• Environmental Women_Lynn Wilson

    Environmental Women of the World

    In celebration of the women who have devoted their lives to promoting global environmental health and policy and the United Nations Climate Change Conference taking place in Lima, Peru, in December, Kaplan University is spotlighting five inspirational women through the Environmental Women of the World series. The series will introduce you to five inspirational women who have changed the world with their pioneering research, unwavering commitment to their cause, and mentorship of the next generation of environmental leaders.

    Narrated with an introductory video and blogby Lynn Wilson, academic chair at Kaplan University and Co-Chair of the United Nations Coalition on Health and the Environment: Climate Change Initiative, our video tributes and blog articles highlight the outstanding contributions these women have made. We hope it will inspire you to find ways to make a difference, no matter how big or small, in preserving the environmental health of the world we all share.

  • Mary Robinson, Climate Change

    Mary Robinson_213

    Not only has Mary Robinson had a transformative political career as the first female president of Ireland, but she has also dedicated her life to climate change education and advocacy. By tirelessly working with students, leaders, and communities around the world, Mary’s passion for environmental health is rivaled only by her passion for supporting vulnerable populations.

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    Margareta Wahlström, Disaster Risk Reduction

    Margareta Wahlström_213

    Although disaster risk reduction is a fairly new area of environmental health, Margareta Wahlström is a woman who has dedicated 30 years of her life to humanitarian relief operations. She has also worked tirelessly to instill a sense of urgency among global leaders to be more proactive in disaster preparedness, response, and risk reduction, all of which have environmental health implications.

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    Jane Goodall, Anthropology and Primatology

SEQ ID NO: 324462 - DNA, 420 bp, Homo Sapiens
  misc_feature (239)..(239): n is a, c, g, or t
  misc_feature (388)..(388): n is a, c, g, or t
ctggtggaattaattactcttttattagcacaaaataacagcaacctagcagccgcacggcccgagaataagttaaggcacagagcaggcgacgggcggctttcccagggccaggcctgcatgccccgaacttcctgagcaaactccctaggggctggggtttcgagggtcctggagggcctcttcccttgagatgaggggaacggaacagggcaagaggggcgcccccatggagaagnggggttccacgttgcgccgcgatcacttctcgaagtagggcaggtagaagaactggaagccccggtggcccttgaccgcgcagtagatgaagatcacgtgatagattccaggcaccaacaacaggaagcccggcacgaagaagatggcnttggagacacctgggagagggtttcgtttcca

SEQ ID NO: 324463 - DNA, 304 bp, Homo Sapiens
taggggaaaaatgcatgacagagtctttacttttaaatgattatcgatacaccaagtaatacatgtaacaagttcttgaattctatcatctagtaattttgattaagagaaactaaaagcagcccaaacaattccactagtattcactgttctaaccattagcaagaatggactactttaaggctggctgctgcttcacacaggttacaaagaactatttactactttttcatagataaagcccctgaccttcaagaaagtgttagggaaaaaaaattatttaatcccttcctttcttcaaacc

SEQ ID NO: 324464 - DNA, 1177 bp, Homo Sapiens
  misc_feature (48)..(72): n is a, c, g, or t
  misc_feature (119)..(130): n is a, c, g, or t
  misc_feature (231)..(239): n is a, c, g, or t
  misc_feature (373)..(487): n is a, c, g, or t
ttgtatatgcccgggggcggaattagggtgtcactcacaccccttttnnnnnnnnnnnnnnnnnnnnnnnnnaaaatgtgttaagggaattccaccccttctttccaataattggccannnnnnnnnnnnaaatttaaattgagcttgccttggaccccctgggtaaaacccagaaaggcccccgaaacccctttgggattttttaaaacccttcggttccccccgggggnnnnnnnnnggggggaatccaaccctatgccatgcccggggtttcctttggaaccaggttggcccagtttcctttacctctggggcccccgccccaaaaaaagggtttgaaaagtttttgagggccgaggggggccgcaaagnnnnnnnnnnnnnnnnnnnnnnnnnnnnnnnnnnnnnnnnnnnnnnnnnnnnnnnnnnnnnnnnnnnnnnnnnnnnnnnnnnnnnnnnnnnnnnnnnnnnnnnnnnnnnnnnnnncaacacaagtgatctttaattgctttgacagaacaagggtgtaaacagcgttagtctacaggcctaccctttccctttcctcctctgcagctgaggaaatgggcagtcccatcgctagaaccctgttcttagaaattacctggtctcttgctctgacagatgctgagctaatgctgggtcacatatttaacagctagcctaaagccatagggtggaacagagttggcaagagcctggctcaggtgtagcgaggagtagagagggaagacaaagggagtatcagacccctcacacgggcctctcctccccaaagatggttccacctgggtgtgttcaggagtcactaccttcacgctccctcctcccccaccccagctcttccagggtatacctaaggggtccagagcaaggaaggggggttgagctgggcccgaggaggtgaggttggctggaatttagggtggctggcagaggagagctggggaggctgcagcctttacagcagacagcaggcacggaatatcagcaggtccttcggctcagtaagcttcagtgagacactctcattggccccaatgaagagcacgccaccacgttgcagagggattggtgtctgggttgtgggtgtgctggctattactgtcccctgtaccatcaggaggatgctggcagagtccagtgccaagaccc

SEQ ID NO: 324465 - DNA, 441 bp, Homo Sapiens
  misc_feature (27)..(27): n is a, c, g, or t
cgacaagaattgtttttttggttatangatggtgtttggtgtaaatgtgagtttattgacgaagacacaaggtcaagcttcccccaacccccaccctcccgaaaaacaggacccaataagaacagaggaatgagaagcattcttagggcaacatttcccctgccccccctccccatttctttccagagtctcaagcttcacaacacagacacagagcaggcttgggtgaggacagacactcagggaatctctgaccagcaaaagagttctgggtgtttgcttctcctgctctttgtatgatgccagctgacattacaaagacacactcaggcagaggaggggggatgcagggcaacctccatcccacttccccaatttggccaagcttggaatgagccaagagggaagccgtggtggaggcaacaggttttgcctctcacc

Jane Goodall_213

    The legendary primatologist and anthropologist Jane Goodall is considered the world's leading expert on chimpanzees. Known for her 45-year study of social and family interactions of wild chimpanzees, Goodall has worked diligently on conservation and animal welfare issues throughout her career. She is not only a champion of animal rights, but a strong advocate for the advancement of women working in environmental health fields. Her efforts have been instrumental in encouraging women to go into science and build their involvement on an international level.

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    Margaret Chan, Global Health

    Margaret Chan_213

    As the director general of the World Health Organization, Margaret Chan is a powerful voice in highlighting the link between health and climate change, and a high-profile global health advocate. Margaret is a role model for us all through her commitment to change the mindset on global health for future generations and her ability to inspire action.

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    Sylvia Earle, Oceanography

    Sylvia Earle_213

    Sylvia Earle is perhaps the best-known woman oceanographer in the world. The explorer, botanist, biologist, conservationist, dedicated advocate, author, and lecturer has made extraordinary contributions to environmental health throughout her four decade-long career. During the course of her work, she has maintained an unwavering commitment to informing and engaging youth in working towards environmental health and the future of the planet.

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